Retailtainment - The Future of Retail?

From new seasons to new trends, retail is a fast-moving industry. Yet the fundamental basis of how retail works has remained unchanged for some time. Historically, if you could provide the right product, in the right place, at the right price you would almost certainly see retail success.

From new seasons to new trends, retail is a fast-moving industry. Yet the fundamental basis of how retail works has remained unchanged for some time. Historically, if you could provide the right product, in the right place, at the right price you would almost certainly see retail success.
Interactive Tree of Discovery - Lego store on Fifth Avenue, New York City

eCommerce now poses a very real threat to traditional retail. Online shops are often able to offer more competitive pricing and high levels of convenience. This doesn't mean that traditional retail is a thing of the past, but as it becomes more difficult to compete on the usual factors such as price, they do need to evolve in order to ensure ongoing success.

In this guide, we take a look at retailtainment - what it is, why you should invest in it and how to implement it successfully in your store.

What is Retailtainment?

Retailtainment is a simple enough concept to understand.

Retail + Entertainment = Retailtainment

The phrase was first coined by American sociologist George Ritzler as “the use of sound, ambience, emotion, and activity to get customers interested in the merchandise and in the mood to buy”.

Although Ritzler coined this phrase just over 20 years ago, it is no new thing. For years shops have used entertainment to draw customers in and engage them. You may remember toy stores as a child using bubble-blowing machines and even children entertainers to grab your and your parent’s attention, or trendy clothing stores hosting DJs to inspire you to pop in and browse.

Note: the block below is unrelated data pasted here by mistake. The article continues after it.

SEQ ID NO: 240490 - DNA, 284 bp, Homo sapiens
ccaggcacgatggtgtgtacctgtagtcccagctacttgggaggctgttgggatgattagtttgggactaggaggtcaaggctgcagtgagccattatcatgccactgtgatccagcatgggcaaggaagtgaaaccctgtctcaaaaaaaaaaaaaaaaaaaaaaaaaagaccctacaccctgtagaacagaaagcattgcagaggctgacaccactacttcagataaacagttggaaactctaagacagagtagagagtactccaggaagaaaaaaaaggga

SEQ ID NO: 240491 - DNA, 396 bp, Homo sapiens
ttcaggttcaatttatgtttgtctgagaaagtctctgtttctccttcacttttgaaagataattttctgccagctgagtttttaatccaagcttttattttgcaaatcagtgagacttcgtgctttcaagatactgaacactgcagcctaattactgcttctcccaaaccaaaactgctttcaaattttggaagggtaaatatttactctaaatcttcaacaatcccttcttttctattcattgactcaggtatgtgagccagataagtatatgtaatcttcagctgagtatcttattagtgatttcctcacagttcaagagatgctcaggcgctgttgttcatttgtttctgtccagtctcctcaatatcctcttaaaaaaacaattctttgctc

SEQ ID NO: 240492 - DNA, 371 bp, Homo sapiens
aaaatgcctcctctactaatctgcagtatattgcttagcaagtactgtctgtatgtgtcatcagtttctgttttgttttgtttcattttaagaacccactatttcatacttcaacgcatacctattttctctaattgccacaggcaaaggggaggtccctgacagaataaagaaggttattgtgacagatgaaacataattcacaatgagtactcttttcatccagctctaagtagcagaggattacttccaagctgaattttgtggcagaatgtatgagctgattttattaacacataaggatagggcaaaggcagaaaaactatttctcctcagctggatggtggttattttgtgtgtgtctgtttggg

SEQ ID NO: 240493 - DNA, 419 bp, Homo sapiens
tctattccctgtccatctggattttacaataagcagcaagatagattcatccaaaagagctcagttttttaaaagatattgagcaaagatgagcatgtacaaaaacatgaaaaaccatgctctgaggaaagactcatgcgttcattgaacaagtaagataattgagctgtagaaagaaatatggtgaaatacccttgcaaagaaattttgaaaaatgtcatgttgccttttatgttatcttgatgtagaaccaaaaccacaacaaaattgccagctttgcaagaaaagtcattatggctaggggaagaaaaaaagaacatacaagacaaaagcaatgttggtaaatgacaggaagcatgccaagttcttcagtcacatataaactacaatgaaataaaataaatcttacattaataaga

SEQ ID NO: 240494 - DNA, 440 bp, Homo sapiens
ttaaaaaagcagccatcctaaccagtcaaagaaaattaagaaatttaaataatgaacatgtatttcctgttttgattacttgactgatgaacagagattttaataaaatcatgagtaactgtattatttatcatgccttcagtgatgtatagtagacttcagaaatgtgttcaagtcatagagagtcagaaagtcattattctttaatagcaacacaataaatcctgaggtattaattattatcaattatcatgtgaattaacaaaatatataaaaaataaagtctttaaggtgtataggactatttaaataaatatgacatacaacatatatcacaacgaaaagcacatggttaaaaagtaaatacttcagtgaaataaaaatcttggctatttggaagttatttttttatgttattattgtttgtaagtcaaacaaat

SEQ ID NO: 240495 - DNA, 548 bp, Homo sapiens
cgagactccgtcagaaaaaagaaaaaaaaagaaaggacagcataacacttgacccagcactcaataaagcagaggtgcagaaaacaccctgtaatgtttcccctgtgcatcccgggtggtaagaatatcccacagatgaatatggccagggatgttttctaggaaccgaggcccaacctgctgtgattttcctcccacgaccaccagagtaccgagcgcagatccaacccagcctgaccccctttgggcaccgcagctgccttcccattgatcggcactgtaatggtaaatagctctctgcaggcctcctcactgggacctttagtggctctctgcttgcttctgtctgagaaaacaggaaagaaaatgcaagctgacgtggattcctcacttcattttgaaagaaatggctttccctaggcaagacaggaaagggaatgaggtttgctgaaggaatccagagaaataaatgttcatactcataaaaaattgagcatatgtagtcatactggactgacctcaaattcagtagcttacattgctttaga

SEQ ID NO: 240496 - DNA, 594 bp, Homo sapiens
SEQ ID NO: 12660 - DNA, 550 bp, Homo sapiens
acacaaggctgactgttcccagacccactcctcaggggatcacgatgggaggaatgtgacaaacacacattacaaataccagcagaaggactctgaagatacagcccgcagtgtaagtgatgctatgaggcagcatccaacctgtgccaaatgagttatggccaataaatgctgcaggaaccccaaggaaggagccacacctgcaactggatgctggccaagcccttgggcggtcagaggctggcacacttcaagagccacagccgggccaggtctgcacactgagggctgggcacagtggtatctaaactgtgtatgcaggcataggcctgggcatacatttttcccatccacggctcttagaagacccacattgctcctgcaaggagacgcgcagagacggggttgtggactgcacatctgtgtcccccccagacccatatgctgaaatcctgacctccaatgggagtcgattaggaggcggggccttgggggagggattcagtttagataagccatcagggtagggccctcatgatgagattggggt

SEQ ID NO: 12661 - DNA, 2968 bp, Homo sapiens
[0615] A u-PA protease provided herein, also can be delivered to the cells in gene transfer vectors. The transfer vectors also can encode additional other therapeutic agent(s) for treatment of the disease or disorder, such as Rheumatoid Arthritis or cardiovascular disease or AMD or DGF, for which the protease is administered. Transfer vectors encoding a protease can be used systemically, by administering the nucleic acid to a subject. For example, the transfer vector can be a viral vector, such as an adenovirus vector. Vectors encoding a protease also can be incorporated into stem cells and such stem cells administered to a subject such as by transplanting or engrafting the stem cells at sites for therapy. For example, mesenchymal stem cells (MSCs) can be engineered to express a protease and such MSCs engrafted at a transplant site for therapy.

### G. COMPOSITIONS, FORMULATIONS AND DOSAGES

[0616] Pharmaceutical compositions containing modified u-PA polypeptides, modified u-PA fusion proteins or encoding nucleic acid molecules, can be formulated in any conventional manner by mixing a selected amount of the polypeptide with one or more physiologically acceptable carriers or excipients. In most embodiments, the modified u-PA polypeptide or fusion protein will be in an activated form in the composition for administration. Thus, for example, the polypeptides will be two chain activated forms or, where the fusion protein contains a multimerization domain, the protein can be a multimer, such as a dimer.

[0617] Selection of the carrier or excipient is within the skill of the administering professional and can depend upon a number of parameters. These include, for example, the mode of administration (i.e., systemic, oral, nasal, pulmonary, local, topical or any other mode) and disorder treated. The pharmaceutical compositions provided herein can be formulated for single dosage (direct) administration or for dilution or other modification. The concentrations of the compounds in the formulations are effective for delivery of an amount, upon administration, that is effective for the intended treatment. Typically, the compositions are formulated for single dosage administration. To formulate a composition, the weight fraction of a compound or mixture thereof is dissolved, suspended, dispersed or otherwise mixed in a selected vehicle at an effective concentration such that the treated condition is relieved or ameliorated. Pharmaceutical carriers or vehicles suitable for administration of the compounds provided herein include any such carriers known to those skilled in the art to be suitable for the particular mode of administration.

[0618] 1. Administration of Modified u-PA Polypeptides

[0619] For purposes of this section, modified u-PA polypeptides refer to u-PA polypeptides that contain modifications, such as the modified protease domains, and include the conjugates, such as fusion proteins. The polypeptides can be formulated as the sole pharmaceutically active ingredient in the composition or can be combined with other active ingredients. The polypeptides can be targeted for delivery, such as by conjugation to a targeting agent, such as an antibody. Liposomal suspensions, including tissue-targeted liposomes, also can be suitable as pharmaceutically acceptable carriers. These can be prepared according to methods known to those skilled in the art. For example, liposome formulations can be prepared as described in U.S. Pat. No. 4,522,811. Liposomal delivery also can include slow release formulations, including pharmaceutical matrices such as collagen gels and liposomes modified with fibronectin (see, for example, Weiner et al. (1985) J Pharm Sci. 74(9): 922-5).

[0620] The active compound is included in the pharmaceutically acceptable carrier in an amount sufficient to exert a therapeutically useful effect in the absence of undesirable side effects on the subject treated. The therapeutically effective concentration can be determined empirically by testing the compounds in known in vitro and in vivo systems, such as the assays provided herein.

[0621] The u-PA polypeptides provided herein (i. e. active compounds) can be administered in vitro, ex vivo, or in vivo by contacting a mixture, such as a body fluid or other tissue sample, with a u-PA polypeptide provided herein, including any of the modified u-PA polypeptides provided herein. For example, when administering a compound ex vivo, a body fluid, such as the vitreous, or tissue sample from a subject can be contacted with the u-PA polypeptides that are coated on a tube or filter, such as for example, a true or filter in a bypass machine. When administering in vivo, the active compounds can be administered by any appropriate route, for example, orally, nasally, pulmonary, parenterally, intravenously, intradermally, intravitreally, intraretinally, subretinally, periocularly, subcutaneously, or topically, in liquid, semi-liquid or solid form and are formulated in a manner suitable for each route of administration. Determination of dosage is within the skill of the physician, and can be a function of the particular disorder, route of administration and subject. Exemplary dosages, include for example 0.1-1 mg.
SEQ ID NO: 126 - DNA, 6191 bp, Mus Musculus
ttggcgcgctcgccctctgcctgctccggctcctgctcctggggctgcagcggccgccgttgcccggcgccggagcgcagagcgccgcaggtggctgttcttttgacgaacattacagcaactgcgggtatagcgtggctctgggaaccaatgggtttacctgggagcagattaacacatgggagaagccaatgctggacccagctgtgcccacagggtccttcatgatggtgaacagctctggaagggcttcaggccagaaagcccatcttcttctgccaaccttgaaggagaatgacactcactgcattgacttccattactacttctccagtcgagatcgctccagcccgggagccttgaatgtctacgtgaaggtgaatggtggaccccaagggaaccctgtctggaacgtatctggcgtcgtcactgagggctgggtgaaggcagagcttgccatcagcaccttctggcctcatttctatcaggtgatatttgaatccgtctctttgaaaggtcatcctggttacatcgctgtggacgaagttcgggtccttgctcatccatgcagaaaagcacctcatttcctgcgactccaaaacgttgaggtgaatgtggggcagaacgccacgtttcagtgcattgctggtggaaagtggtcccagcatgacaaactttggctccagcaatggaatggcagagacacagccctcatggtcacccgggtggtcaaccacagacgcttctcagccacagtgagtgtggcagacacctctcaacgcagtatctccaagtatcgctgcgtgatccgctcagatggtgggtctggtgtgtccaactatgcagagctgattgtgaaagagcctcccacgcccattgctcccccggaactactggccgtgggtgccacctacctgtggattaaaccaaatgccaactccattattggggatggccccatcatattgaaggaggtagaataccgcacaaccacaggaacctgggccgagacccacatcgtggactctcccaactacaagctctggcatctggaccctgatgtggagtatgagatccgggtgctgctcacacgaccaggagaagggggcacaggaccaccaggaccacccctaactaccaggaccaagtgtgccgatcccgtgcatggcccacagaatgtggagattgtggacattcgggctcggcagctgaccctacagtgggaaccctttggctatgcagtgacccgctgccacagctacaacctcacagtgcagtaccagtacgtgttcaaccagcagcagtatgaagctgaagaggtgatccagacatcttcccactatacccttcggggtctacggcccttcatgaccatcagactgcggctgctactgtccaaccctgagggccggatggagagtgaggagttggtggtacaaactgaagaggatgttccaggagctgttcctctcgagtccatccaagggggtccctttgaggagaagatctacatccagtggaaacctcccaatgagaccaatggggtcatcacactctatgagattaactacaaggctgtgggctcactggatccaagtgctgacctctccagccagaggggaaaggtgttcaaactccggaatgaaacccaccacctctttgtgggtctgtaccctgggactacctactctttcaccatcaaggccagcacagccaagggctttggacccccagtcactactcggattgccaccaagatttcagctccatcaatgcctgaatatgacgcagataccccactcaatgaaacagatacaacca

Why Invest in Retailtainment?

As it becomes increasingly difficult for physical stores to compete with online retail on factors such as price and convenience, smart retailers are turning to retailtainment as a way to create a desirable experience and draw customers through the doors.

A new generation of consumers, particularly millennials, are also moving towards seeking out experiences over obtaining material possessions. In fact, one study shows that more than 3 in 4 millennials would rather spend money on experiences than physical products.

Immersive experiences not only help you attract customers through the door but also help you relate to those customers on a previously achievable level. For example, a brand that is attempting to appeal to a young trendy crowd can use retailtainment to show that crowd that they understand what appeals to them by putting on trendy music events.

When a brand manages to show that they truly understand their customers they can start to build high levels of loyalty. This is because customers trust that you share the same values as them and will work to fulfill their needs within these values. This is beneficial as it makes it considerably more likely that your customers will recommend you to friends and family as well as return to you to fulfill future needs.

As competing on factors such as price becomes more difficult, offering retailtainment gives your business a competitive edge over others. Many customers will happily spend more on a product from a company they know and trust.

Finally, when potential customers visit your store to partake in retailtainment events and experiences it offers you a good opportunity to collect data. This may be email addresses to help keep your customers informed on future events and offers, or it may be data on your customer’s preferences and circumstances to help you serve them better.

How to Implement Retailtainment

So, we have established that retailtainment can be a great way for businesses to grow customer loyalty, drive footfall and increase profits. But how can you implement retailtainment?

The possibilities are truly endless. Any experience you think your customers would enjoy could be considered retailtainment. Here are a few questions to ask yourself when deciding what might work for your store: